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Postcard photo of the O’Brien Mine site, Cobalt Northern Ontario, Canada.
‘Douglas Ford Printer, Toronto.’
Postmarked ‘Jun 22-08’ from Cobalt ON to Detroit MI. Postage stamp removed.
Slight staining left side of front.
This mine was the longest continuously operating mine in the Cobalt area (1905-1967). It was developed through 5 shafts, the deepest being 345ft; and over 16 miles of drifts, cross-cuts, and raises. Total production was approx. 41 million oz. Ag; 3 million lbs. Co; 200,000 lbs. Ni; 500,000 lbs. Cu; and 64 oz. of gold.
The Cobalt silver rush started in 1903 when huge veins of silver were discovered by workers on the Temiskaming and Northern Ontario Railway (T&NO) near the Mile 103 post. By 1905 a full-scale silver rush was underway, and the town of Cobalt, Ontario sprang up to serve as its hub. By 1908 Cobalt produced 9% of the world's silver, and in 1911 produced 31,507,791 ounces of silver. However, the good ore ran out fairly rapidly, and most of the mines were closed by the 1930s. There were several small revivals over the years, notably in World War II and again in the 1950s, but both petered out and today there is no active mining in the area. In total, the Cobalt area mines produced 460 million ounces of silver.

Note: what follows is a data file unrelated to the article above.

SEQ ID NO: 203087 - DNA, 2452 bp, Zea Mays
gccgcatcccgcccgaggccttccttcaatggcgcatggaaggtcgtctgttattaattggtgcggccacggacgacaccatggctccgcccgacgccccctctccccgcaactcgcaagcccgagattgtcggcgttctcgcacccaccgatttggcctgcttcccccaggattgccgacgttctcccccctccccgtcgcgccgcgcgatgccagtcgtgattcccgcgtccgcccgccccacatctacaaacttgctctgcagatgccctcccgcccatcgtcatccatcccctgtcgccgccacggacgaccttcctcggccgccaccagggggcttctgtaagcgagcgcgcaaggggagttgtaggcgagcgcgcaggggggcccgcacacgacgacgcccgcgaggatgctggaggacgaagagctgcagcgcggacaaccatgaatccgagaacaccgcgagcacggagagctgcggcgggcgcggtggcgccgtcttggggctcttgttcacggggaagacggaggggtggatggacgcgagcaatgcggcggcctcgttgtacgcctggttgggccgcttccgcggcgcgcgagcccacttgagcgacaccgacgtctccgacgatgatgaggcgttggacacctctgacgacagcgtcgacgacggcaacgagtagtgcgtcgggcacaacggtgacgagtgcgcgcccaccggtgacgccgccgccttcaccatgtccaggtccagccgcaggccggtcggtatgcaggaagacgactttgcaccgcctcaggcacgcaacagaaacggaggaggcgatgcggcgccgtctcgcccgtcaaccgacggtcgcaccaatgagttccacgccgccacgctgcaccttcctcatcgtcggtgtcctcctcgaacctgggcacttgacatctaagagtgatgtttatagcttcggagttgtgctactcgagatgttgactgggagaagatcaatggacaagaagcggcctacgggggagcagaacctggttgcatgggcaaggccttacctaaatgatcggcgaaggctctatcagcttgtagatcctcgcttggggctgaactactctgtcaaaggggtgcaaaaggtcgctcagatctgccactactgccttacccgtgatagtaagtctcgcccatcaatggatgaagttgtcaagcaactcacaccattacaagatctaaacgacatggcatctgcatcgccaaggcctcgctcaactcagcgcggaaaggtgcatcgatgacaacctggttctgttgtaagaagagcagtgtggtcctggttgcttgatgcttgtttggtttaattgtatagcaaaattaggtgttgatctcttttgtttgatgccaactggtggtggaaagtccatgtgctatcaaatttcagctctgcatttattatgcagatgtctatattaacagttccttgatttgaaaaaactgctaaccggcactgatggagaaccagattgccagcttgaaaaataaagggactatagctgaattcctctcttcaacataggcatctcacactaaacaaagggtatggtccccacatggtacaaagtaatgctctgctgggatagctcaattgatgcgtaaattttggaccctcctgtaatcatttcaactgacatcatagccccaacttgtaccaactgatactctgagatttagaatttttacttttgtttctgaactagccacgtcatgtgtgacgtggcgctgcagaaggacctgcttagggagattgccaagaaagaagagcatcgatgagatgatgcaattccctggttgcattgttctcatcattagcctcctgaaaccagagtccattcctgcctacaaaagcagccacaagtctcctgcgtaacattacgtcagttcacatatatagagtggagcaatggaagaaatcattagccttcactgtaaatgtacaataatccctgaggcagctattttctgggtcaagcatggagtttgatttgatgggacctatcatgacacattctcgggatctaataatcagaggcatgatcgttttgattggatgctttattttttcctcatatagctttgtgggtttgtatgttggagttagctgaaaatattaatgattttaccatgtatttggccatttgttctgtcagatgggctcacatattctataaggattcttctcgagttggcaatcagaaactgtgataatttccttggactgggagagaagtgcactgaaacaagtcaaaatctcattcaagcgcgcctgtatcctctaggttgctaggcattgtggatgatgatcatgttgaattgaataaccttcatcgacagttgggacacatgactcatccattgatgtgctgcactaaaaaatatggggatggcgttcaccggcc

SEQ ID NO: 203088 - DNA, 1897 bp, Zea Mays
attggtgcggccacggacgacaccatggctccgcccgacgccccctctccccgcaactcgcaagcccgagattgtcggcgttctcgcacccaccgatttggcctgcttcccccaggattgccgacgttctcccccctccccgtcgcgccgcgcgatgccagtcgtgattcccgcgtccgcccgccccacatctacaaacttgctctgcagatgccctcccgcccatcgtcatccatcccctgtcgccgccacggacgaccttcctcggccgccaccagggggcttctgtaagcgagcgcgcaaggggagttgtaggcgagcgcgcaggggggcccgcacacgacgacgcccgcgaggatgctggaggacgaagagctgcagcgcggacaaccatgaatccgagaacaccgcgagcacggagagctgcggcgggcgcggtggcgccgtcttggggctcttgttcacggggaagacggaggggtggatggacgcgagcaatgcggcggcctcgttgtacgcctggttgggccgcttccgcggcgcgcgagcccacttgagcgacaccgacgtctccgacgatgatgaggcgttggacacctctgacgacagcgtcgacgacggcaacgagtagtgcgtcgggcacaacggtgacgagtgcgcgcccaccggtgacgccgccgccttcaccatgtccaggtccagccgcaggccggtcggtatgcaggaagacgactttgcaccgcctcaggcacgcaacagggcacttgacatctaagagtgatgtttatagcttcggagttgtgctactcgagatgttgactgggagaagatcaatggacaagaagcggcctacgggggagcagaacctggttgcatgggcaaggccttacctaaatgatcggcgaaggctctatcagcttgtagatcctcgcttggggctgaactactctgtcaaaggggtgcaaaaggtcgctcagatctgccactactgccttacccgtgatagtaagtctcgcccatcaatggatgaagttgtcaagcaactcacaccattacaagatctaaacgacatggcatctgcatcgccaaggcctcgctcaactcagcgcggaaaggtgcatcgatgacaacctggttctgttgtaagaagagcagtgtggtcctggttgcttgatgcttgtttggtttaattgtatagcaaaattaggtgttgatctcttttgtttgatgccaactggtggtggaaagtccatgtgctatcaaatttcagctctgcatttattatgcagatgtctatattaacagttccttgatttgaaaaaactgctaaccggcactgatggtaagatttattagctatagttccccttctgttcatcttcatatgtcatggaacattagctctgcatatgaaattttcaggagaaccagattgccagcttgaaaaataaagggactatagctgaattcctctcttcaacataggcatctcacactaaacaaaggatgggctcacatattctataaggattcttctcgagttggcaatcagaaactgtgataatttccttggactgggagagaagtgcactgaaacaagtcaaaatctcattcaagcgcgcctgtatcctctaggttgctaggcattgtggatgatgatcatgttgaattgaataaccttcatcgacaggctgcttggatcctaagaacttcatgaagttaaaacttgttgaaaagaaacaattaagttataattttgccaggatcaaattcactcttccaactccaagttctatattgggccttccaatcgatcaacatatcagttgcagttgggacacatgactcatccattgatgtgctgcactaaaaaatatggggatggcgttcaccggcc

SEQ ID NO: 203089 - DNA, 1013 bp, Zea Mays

The Cobalt Rush was instrumental in opening northern Ontario for mineral exploration. Prospectors fanned out from Cobalt, and soon caused the nearby Porcupine Gold Rush in 1909, and the Kirkland Lake Gold Rush of 1912. Much of the settlement in northern Ontario outside the Clay Belt owes its existence indirectly to the Cobalt Rush.